About ten years ago I stumbled across a list of ten books by African-Americans that everyone should have read (published, of course, for Black History Month). I took a look at my bookshelves and realized almost every book on them was by a white person. I had read maybe one book on the list, so I sat down and read the rest. (And in the process, discovered Samuel Delany, now one of favorite writers.)

About three years ago I read an article about how little translated fiction Americans read compared to the rest of the world. So I found Three Percent's short list of translated fiction for the year, and I tried to read it all. One book, I couldn't make it through. But it was through their lists that I discovered 2666 and Brandao.

Now before you throw your laptop across the room because I'm being insufferable,* I'd like to point out that a glance at what I read shows it's still mostly white people, mostly Americans with some Brits thrown in. It isn't representative of the demographics of America, and certainly not the world. I could be trying a lot harder. My point is, that if you go out of your way to start learning about something and to take it on its own terms, three-quarters of the time you'll develop some appreciation for it. (Because, contrary to what I said earlier, there is some "just so happens" at work. It's just much less than we like to believe.) I could make a concerted effort to start reading Westerns, for example - my experience pretty much begins and ends with Lonesome Dove - and I'd probably expand my horizons considerably.

Now, I'm not going to tell anyone else they can't just read what they're comfortable with. If all you like are cooking-themed mysteries, do what makes you happy. I just don't want to hear your long, involved explanation of how it's "natural" for you to like them best and go on with some long, highbrow-sounding defense of your taste. Admit you're remaining in your comfort zone, and, more importantly, that you actually have no idea whether or not you'd like the stuff you haven't touched. How could you possibly know?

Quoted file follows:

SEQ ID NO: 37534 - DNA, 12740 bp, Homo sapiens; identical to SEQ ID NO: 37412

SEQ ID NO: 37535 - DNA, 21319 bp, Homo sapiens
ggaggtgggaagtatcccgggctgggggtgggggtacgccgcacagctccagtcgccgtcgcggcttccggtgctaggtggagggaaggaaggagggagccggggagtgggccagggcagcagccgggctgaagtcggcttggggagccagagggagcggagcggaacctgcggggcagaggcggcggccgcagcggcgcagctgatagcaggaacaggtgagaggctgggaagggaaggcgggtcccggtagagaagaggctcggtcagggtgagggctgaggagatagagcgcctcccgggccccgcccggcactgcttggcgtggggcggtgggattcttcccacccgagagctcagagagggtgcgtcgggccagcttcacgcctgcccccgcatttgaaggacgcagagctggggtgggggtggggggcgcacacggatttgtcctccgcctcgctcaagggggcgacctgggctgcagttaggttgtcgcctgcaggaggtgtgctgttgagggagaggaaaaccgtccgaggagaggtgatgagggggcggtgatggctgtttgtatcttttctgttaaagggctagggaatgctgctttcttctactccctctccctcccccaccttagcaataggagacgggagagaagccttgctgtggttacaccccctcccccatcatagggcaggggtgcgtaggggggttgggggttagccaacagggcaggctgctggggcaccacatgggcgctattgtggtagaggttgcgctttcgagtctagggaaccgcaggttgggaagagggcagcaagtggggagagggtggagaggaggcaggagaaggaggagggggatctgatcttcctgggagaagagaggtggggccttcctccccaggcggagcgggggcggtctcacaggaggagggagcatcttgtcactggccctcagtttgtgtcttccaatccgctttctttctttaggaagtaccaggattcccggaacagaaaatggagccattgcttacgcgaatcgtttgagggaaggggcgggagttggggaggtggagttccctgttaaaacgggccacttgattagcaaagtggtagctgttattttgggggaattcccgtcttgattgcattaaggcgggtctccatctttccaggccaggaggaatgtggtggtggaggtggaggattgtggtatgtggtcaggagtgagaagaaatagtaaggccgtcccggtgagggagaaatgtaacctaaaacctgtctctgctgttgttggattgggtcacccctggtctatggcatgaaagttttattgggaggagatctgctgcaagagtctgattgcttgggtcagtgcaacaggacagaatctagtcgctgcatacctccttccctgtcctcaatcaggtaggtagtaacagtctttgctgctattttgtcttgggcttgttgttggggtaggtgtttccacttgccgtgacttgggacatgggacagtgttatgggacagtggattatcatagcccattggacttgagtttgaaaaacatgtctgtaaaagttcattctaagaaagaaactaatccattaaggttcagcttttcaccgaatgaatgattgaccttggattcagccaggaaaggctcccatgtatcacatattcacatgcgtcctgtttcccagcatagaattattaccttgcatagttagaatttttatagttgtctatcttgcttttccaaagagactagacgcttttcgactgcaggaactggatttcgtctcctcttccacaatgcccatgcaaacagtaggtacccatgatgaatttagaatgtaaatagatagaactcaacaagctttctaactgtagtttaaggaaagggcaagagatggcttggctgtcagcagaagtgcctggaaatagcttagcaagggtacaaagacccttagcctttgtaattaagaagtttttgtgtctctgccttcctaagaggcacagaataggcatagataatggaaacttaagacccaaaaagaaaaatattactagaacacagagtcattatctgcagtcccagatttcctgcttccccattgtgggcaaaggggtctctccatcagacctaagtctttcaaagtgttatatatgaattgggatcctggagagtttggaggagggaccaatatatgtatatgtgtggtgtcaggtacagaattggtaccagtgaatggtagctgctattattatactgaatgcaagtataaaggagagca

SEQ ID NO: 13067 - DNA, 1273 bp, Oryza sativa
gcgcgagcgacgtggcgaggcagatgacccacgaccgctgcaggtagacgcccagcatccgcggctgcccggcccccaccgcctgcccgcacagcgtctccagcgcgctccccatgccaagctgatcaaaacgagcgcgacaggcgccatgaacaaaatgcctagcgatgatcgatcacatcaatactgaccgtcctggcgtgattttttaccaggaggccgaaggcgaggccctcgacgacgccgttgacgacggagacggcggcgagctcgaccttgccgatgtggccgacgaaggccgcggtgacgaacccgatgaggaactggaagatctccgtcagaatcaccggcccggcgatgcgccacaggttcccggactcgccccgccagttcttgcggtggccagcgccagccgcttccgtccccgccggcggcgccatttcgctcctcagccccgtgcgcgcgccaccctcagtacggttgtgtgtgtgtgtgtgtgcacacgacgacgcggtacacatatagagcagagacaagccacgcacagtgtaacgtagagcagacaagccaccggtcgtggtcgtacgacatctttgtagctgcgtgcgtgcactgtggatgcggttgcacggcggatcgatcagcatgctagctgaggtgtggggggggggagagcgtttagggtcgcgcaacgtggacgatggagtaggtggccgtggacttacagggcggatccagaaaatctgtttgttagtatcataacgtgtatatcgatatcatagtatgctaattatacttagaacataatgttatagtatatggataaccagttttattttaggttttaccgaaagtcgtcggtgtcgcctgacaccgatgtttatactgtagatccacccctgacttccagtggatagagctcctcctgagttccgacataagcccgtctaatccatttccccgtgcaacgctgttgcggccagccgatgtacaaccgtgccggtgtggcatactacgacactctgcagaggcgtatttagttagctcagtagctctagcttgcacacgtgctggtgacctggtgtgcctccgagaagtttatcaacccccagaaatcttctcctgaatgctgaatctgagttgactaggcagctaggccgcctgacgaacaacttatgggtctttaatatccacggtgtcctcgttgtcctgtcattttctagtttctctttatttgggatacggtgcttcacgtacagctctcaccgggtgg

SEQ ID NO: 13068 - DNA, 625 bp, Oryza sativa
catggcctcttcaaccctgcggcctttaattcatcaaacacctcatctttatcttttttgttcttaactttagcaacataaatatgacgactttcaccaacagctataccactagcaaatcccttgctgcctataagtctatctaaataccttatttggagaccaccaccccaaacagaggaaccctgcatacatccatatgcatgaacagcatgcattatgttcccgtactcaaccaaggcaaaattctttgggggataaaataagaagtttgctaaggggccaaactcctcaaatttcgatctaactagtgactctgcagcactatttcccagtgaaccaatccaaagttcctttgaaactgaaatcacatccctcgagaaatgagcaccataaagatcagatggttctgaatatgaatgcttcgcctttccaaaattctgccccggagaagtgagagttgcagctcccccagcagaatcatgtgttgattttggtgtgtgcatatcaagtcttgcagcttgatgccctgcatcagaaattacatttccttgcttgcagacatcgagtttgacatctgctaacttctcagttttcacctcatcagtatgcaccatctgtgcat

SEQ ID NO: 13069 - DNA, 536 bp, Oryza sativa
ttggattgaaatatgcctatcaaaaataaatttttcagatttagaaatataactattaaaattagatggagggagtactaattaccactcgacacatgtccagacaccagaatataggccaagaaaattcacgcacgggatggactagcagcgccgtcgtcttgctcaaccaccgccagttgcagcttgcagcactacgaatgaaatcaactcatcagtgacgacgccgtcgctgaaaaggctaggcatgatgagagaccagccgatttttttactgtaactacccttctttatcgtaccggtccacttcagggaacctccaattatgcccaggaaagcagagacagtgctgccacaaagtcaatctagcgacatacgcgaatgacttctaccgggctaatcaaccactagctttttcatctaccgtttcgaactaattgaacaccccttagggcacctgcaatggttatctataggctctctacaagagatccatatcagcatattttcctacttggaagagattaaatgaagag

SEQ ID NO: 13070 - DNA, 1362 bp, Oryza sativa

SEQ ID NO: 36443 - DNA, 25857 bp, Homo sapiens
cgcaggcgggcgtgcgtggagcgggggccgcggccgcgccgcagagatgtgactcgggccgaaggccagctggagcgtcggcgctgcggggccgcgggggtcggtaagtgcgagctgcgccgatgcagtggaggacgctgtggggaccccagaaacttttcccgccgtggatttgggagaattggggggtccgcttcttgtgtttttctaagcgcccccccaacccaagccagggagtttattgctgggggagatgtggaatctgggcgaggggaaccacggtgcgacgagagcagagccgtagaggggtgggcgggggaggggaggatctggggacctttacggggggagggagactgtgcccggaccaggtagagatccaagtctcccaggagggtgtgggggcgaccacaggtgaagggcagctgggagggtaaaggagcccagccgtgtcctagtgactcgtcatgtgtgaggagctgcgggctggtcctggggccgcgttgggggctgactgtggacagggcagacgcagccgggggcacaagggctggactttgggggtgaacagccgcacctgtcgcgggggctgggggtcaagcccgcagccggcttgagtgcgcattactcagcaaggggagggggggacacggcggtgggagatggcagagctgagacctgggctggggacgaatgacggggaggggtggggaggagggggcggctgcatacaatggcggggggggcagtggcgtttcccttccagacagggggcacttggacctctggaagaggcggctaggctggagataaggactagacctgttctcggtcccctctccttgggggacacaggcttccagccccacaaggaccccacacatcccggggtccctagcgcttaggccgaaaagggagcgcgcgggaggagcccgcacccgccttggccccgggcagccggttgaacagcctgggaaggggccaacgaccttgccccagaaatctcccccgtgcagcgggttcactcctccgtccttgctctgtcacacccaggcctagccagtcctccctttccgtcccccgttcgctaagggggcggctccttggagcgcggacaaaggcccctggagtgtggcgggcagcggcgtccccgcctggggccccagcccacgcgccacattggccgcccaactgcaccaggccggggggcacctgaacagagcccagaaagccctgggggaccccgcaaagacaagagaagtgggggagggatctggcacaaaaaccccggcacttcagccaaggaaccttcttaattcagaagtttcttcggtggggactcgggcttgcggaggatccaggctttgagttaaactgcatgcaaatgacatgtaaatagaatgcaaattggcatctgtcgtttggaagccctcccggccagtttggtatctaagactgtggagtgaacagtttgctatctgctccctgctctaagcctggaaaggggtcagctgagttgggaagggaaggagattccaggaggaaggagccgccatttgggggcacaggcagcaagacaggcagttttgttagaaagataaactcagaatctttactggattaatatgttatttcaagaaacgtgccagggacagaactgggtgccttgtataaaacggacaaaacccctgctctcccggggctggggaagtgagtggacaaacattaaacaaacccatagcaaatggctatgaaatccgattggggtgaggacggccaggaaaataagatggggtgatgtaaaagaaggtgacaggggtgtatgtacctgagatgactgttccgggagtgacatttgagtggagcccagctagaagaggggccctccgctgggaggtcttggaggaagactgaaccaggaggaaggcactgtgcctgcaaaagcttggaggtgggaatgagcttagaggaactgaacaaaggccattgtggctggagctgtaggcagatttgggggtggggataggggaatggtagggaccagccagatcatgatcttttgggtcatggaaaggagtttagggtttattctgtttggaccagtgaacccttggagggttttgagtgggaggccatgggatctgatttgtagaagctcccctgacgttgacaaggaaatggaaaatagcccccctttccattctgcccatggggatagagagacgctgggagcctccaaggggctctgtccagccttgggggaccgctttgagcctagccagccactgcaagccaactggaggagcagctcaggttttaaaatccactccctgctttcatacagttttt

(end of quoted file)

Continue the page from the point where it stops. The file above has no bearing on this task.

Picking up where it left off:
So, how does this relate to what I'm reading next year? True, I read a lot of novels by women. But a lot of these are romance novels or other brain candy. (Yes, I know the romance can offer serious social critique or other digestive fiber. But does the average mass-market romance do this? No.) With the exception of Jennifer Crusie, my favorite novelists are all male. As a feminist who reads lots of women, I'm still undervaluing literature by women.

My hypothesis to be tested is that there are women out there writing things I would be crazy about. And it is falsifiable. (Eg.: The lover of spy thrillers would have a harder time finding great books by women that the lover of moving multigenerational sagas.) Because, in the end, merely reading books by women doesn't put me too far ahead of the "boys only" readers if I consider all those books second-rate.

*I mean, is showing off, ooh, ooh, I'm so multicultural, any more virtuous than being anti-country and -rap? The Stuff White People Like post virtually writes itself.

Tuesday, December 20, 2011

What I'm reading in 2012, part I

It started when I read two books in a row that I like. One I enjoyed, one I really loved, which is why I'm not going to call them out by name. Both books featured mostly male casts of characters. In one, the only female character was the love interest. (Literally one other woman had any lines; her role was the equivalent of Clerk #3.) The other novel had three speaking roles - again the love interest, and the other two defined by their sexual relationships with male characters.

And I thought to myself, I'm tired of this.

I can't condemn any one book for failing the Bechdel test, or for being about Teh Menz. Sometimes you just want to write a book set in a monastery or a boys school. Sometimes I want to read those books.

The problem is, and this is the Cliff Notes version of Sociology 101, that individual choices are influenced by society, and when you add everything up, that finger-weight of pressure means a huge tilt in that direction. In the aggregate, fiction suffers from a serious case of The Smurfette Problem, aka the Princess Leia Problem, aka Trinity, aka Lt. Uhura ... you know, the there's a a bunch of dudes, and one dudette. Other times, there are lots of chicks - because all the main characters have love interests.